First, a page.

McCarthy struggles to sway GOP detractors with extended conference rules debate

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House Republican Leader Kevin McCarthy, R-Calif., speaks to the media at the U.S. House Republican Member Retreat, Thursday, Sept. 12, 2019, in Baltimore. (Nick Wass/AP)

McCarthy struggles to sway GOP detractors with extended conference rules debate

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House Minority Leader Kevin McCarthy’s decision to provide an extended period of time to debate the House GOP conference rules and introduce amendments did little to convince his Republican critics to support him for speaker on the floor on Jan. 3.

McCarthy won the internal leadership vote in mid-November, yet 36 members of his conference opted not to support him for the position. The California Republican can lose just four votes on the floor to obtain the gavel unless defectors vote present or refrain from voting to bring down the threshold from 218.

Five conservative lawmakers — former House Freedom Caucus Chairman Andy Biggs (R-AZ), who challenged McCarthy in the internal election, as well as Reps. Ralph Norman (R-SC), Matt Gaetz (R-FL), Matt Rosendale (MT), and Bob Good (R-VA) — have voiced plans to oppose McCarthy in the vote, with Good asserting he does not intend to vote “present.”


Conservatives in the House Freedom Caucus have repeatedly called for substantial changes to the rules, arguing that power should be decentralized away from leadership, with members pushing for slowing down the legislative process and allowing for more amendments.

The group’s push for changes was met with mixed results within the conference. The caucus succeeded in passing changes to require the Rules Committee to consider amendments that have the support of 20% of the conference and language requiring five days’ notice before bringing suspension bills to the floor, while their efforts to ban earmarks were ultimately unsuccessful and an amendment restoring the process to vacate the chair ended up with softer language than initially proposed.

While the conference didn’t pass all of their demands, conservatives largely praised the extended process that allowed them to make their voices heard but argued it shouldn’t have taken the threat of derailing a leadership bid.

“The process that took place yesterday reminded me of a shotgun wedding,” Rosendale told the Washington Examiner.

“Those are rules — that doesn’t have anything to do with the vote for speaker. As of now, I see no path [for McCarthy],” a third conservative said.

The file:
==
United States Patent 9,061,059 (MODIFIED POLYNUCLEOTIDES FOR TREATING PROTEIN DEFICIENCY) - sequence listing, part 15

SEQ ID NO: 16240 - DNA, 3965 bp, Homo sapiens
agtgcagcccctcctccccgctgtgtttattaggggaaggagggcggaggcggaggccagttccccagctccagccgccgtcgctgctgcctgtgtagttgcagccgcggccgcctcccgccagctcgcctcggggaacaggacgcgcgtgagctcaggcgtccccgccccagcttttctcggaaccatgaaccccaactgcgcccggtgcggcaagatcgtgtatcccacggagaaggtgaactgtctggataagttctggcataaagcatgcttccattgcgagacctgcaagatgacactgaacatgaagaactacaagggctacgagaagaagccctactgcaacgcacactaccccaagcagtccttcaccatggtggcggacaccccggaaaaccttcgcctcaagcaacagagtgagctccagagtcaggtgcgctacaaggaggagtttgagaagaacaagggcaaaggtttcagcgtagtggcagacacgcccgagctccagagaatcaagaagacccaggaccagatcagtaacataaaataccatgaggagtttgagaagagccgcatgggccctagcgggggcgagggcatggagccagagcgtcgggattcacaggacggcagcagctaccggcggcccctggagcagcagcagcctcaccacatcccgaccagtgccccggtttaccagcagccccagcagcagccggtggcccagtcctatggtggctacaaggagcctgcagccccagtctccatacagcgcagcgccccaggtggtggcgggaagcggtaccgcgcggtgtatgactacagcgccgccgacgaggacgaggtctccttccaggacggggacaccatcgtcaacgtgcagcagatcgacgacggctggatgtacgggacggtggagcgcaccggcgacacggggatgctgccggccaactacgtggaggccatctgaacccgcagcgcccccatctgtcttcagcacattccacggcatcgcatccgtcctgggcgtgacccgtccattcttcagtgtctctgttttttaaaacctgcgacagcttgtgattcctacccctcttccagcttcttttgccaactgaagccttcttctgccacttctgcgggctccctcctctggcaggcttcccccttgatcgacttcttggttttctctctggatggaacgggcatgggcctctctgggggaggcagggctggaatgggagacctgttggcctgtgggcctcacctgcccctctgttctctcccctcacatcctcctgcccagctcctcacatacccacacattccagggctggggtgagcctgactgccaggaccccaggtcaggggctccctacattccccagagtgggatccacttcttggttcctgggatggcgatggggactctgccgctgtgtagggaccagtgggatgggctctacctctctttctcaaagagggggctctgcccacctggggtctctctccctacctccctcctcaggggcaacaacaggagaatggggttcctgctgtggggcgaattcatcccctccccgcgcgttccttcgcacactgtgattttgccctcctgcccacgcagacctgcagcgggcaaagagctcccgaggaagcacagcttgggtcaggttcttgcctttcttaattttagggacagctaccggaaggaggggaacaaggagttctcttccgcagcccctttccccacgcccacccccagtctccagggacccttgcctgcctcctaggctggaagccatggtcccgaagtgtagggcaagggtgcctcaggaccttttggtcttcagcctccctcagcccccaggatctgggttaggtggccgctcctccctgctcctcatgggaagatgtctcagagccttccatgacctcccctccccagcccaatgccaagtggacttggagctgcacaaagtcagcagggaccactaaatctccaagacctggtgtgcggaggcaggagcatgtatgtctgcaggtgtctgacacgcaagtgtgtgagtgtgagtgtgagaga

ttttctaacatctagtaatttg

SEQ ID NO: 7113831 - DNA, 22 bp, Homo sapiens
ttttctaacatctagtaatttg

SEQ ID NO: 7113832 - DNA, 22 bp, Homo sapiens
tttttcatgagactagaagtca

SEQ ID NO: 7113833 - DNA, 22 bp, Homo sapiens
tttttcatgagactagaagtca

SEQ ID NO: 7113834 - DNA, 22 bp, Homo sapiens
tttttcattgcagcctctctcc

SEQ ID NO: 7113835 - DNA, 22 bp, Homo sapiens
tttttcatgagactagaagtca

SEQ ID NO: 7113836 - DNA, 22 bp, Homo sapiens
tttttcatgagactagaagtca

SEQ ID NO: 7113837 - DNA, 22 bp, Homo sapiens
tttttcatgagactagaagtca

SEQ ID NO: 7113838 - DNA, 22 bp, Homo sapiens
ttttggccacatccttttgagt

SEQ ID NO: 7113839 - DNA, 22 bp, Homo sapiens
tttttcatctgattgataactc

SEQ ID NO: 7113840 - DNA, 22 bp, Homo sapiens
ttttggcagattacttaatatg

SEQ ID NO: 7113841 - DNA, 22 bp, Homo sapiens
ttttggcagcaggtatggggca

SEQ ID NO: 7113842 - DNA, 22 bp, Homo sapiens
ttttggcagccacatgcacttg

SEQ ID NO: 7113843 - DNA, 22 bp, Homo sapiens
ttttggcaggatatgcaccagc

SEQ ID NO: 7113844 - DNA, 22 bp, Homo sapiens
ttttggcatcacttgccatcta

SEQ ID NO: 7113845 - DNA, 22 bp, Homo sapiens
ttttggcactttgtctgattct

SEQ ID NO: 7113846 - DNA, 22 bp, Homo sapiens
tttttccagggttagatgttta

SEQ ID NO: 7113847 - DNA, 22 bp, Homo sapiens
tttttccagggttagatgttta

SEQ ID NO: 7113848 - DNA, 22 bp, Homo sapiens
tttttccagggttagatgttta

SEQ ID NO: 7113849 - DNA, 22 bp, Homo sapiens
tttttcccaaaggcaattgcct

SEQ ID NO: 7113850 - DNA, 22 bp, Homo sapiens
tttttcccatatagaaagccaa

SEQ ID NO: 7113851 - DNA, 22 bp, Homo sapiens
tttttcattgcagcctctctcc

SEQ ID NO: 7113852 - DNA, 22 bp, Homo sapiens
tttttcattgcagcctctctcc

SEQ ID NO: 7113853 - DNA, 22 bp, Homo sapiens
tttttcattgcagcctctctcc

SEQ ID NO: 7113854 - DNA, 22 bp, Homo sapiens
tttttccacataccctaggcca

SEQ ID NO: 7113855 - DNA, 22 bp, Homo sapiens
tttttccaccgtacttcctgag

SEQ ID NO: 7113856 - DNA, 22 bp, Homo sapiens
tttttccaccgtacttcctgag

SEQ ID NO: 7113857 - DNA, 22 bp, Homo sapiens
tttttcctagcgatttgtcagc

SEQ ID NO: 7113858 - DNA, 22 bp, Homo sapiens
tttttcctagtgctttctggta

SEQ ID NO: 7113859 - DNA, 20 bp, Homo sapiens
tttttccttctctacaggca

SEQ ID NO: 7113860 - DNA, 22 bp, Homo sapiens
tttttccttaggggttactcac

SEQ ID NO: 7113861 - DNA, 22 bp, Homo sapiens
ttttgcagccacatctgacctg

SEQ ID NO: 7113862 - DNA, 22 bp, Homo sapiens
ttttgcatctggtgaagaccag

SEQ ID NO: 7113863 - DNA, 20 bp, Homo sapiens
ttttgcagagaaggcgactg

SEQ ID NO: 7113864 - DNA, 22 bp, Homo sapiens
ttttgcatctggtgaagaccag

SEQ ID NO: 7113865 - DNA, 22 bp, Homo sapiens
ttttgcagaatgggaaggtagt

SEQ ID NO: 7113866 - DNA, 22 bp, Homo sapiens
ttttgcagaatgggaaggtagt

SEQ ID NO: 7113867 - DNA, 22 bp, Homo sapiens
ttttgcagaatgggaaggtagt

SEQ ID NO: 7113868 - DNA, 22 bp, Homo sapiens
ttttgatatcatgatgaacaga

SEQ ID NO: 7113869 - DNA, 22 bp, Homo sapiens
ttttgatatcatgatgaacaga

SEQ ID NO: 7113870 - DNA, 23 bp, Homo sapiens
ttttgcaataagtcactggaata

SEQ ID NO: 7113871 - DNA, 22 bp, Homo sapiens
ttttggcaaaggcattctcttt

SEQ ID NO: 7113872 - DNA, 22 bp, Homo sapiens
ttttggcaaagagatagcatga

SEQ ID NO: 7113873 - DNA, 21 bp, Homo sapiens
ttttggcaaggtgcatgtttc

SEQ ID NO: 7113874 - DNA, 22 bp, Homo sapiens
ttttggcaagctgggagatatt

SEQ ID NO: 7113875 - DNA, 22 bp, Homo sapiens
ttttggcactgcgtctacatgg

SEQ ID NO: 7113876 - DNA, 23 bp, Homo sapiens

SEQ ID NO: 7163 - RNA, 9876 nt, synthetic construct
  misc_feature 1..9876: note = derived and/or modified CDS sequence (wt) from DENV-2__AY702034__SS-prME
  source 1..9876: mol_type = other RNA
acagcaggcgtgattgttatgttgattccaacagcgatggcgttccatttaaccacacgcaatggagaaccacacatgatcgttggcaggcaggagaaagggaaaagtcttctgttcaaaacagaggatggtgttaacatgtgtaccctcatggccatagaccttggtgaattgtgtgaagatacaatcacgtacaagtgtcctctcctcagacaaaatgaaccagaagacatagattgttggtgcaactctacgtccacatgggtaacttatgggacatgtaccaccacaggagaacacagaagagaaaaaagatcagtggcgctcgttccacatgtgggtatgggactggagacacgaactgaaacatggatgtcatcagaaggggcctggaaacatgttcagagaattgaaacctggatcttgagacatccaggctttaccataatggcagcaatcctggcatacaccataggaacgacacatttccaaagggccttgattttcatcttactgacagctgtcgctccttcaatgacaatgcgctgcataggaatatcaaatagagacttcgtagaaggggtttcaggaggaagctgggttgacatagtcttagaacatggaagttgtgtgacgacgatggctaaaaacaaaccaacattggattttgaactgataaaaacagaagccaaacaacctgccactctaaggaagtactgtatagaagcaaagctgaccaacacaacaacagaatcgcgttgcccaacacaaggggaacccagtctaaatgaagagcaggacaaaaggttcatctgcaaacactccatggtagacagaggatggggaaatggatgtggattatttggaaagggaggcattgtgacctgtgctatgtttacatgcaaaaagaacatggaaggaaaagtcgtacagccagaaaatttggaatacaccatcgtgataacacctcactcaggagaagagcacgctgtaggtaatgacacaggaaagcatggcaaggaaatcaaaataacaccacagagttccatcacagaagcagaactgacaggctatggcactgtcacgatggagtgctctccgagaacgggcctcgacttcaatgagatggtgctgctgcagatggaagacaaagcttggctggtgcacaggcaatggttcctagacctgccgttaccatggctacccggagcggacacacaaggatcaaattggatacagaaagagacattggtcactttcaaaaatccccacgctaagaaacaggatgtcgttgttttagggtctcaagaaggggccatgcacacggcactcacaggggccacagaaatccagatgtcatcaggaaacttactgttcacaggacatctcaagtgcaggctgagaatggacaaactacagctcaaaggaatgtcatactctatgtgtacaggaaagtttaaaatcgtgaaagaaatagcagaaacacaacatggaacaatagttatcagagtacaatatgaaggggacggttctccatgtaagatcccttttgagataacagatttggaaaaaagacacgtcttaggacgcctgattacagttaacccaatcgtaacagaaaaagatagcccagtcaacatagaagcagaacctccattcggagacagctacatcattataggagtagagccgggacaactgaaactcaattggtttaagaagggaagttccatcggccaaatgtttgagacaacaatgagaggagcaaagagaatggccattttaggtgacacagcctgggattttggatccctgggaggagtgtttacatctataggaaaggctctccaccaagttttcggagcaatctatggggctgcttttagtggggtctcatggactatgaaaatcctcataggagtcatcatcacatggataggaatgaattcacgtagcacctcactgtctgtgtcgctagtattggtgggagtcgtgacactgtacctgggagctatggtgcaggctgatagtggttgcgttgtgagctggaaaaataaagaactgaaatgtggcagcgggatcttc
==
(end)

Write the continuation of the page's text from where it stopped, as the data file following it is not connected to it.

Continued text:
Another GOP member sarcastically quipped, “I’m sure he has all the votes he needs now, just took him over the edge, he’s probably got 222,” when asked if holding the forum on rules helped McCarthy sway support in his direction.

Norman asserted during an appearance on “Real America’s Voice” that conservatives will soon rally around an alternative candidate, stating: “It will be apparent in the coming weeks who that person will be. I will tell you, it will be interesting.”

Outside conservative groups including Club for Growth have ramped up additional pressure for rules changes in the wake of the package passing out of conference.

“Instead of mimicking Nancy Pelosi’s regime, the new Speaker of the House should adopt … reforms in order to return democracy to the House of Representatives,” the group tweeted.

While GOP hard-liners are complicating McCarthy’s path to the speakership, some within the conference said they believe he will get there, with one Freedom Caucus member telling the Washington Examiner that his efforts “may have” resonated with some of his defectors from the internal vote.

And McCarthy, who has vowed to take the fight to the floor, expressed confidence about his chances and argued that the decision to hold the forum was not principally to sway votes.


“It’s not about swaying somebody. It’s about working to bring the whole conference together. We’re gonna have a tighter majority. Everyone’s gonna have to learn to give a little. I think my goal at the end of the day is to get everybody together,” McCarthy told the Washington Examiner, adding that he feels “very good” about his odds of locking up support ahead of the Jan. 3 vote.

© 2022 Washington Examiner

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